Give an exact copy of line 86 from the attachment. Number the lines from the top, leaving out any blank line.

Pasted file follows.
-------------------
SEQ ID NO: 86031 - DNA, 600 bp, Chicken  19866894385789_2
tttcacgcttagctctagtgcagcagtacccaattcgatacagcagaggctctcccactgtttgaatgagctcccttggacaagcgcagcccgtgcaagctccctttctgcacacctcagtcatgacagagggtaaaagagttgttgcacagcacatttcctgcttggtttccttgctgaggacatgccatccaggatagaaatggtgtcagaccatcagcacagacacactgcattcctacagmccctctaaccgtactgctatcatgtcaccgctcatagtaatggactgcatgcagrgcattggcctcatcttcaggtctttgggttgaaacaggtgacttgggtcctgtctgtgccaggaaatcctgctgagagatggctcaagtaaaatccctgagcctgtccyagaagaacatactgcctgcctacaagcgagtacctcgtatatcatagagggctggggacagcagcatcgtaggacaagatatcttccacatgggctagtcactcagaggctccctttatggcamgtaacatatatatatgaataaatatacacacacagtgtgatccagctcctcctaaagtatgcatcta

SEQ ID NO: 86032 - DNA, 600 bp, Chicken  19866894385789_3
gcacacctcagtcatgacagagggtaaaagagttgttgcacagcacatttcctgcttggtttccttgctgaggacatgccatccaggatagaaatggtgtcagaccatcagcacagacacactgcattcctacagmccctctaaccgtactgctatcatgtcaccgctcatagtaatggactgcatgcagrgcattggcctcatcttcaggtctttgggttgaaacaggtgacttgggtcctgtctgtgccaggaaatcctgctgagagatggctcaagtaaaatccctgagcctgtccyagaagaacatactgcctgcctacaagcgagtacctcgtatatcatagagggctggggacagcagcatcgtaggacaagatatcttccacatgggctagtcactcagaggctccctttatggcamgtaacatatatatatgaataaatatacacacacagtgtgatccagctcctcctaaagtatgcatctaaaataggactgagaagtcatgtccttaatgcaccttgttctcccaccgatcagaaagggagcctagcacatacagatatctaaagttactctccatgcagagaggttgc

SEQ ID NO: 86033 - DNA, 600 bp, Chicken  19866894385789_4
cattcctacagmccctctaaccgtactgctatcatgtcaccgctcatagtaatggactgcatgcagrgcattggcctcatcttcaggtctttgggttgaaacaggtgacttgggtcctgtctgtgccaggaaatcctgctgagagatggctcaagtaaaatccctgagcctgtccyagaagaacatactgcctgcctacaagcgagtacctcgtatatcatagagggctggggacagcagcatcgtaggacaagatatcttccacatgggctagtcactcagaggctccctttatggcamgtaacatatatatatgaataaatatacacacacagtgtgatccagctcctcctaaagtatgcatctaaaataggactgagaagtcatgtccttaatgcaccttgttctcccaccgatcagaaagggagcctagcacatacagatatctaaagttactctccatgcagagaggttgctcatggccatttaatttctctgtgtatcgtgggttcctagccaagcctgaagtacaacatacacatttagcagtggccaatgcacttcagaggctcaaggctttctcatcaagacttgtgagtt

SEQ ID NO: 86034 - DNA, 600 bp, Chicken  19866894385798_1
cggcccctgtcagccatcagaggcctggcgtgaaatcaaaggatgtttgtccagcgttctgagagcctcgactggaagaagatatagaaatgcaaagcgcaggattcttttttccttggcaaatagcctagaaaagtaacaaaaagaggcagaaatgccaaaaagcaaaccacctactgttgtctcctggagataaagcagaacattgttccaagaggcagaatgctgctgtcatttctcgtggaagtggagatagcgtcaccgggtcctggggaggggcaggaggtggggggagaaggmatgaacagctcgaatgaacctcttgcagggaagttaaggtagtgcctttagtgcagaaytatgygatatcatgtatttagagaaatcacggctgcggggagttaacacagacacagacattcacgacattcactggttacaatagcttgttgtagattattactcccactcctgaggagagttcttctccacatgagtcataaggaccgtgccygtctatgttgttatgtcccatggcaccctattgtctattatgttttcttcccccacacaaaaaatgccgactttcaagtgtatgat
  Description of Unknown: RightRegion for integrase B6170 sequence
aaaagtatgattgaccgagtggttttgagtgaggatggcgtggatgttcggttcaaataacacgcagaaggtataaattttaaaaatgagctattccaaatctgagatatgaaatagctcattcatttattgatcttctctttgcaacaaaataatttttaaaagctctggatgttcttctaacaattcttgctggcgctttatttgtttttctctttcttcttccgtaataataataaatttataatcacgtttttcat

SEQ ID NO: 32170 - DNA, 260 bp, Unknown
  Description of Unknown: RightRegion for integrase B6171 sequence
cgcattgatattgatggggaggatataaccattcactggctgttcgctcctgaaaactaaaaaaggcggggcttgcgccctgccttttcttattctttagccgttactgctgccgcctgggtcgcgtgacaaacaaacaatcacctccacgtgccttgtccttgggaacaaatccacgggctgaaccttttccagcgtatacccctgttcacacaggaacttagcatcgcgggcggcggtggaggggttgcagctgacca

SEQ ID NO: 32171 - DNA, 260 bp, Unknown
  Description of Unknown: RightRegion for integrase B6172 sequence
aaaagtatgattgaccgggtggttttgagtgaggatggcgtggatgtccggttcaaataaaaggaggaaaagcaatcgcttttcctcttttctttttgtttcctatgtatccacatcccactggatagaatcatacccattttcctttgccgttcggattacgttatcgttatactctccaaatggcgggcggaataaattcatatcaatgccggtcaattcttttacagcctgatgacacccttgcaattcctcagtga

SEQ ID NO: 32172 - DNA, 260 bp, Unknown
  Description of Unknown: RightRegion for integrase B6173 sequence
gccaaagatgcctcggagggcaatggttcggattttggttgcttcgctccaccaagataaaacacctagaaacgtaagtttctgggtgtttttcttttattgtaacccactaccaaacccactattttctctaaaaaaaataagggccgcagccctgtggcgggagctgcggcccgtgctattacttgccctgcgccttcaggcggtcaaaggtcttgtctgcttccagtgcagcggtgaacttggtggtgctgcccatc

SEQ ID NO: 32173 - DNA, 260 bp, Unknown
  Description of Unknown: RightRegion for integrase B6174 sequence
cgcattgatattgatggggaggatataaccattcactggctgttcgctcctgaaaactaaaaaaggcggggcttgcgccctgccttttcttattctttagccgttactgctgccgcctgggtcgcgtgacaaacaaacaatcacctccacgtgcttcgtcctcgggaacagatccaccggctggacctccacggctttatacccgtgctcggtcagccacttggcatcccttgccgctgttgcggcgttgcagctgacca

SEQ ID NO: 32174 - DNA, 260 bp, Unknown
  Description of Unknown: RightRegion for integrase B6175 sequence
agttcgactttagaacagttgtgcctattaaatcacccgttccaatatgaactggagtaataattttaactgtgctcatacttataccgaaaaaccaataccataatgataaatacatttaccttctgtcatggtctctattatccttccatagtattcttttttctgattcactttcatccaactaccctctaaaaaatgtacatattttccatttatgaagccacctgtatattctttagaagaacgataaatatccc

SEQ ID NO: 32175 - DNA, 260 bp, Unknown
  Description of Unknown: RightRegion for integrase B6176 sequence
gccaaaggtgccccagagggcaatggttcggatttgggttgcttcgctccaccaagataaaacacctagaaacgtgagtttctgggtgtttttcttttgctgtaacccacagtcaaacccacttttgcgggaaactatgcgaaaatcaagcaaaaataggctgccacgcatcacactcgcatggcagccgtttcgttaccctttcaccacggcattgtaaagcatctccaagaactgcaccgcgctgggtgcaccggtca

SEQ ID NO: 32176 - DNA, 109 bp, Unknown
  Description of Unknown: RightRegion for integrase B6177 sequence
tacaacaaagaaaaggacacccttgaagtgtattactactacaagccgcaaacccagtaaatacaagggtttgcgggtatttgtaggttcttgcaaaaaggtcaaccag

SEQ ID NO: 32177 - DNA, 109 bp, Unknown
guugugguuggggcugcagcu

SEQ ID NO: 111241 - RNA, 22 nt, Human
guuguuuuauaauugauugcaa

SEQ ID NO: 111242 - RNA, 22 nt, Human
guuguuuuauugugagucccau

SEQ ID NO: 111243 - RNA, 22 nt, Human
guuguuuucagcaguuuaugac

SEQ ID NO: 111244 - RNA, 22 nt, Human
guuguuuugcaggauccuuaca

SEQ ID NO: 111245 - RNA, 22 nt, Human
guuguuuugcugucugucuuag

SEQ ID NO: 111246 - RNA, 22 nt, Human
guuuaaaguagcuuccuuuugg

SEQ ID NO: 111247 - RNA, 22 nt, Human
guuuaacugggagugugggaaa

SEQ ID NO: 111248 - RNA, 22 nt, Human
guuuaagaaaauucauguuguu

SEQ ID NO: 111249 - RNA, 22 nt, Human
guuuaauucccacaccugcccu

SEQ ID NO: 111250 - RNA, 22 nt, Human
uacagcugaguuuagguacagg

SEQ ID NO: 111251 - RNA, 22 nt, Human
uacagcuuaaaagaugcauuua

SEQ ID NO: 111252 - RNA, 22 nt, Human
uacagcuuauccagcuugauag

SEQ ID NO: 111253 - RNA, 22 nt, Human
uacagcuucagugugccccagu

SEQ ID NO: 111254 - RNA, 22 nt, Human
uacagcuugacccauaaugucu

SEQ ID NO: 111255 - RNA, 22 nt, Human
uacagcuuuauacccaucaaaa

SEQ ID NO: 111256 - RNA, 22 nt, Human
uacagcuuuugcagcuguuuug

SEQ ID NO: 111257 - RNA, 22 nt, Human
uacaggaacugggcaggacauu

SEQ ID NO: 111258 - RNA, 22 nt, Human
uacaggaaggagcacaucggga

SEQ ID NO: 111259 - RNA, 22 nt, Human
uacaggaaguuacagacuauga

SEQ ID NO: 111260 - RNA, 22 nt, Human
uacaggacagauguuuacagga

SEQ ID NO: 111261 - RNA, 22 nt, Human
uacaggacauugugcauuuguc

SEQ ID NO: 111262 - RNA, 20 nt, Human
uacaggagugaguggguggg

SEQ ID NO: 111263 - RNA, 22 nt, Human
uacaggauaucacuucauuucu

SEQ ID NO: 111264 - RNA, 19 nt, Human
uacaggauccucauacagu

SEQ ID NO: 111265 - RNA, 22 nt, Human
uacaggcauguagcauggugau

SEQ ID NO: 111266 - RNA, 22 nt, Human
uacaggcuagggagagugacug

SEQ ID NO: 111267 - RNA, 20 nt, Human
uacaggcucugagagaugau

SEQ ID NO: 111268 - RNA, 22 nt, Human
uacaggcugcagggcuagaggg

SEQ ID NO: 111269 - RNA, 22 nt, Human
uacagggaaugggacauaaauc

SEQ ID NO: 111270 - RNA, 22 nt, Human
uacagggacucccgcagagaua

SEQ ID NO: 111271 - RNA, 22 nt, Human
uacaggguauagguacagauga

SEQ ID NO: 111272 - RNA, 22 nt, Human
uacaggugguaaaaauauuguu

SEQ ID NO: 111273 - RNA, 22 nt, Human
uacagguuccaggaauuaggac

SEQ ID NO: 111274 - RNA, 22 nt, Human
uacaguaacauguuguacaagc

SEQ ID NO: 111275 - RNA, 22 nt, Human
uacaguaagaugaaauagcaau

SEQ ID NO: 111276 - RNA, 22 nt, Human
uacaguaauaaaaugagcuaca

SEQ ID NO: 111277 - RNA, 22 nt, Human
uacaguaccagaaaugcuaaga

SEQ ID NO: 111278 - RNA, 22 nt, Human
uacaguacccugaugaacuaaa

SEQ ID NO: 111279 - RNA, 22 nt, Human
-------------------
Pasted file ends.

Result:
SEQ ID NO: 111267 - RNA, 20 nt, Human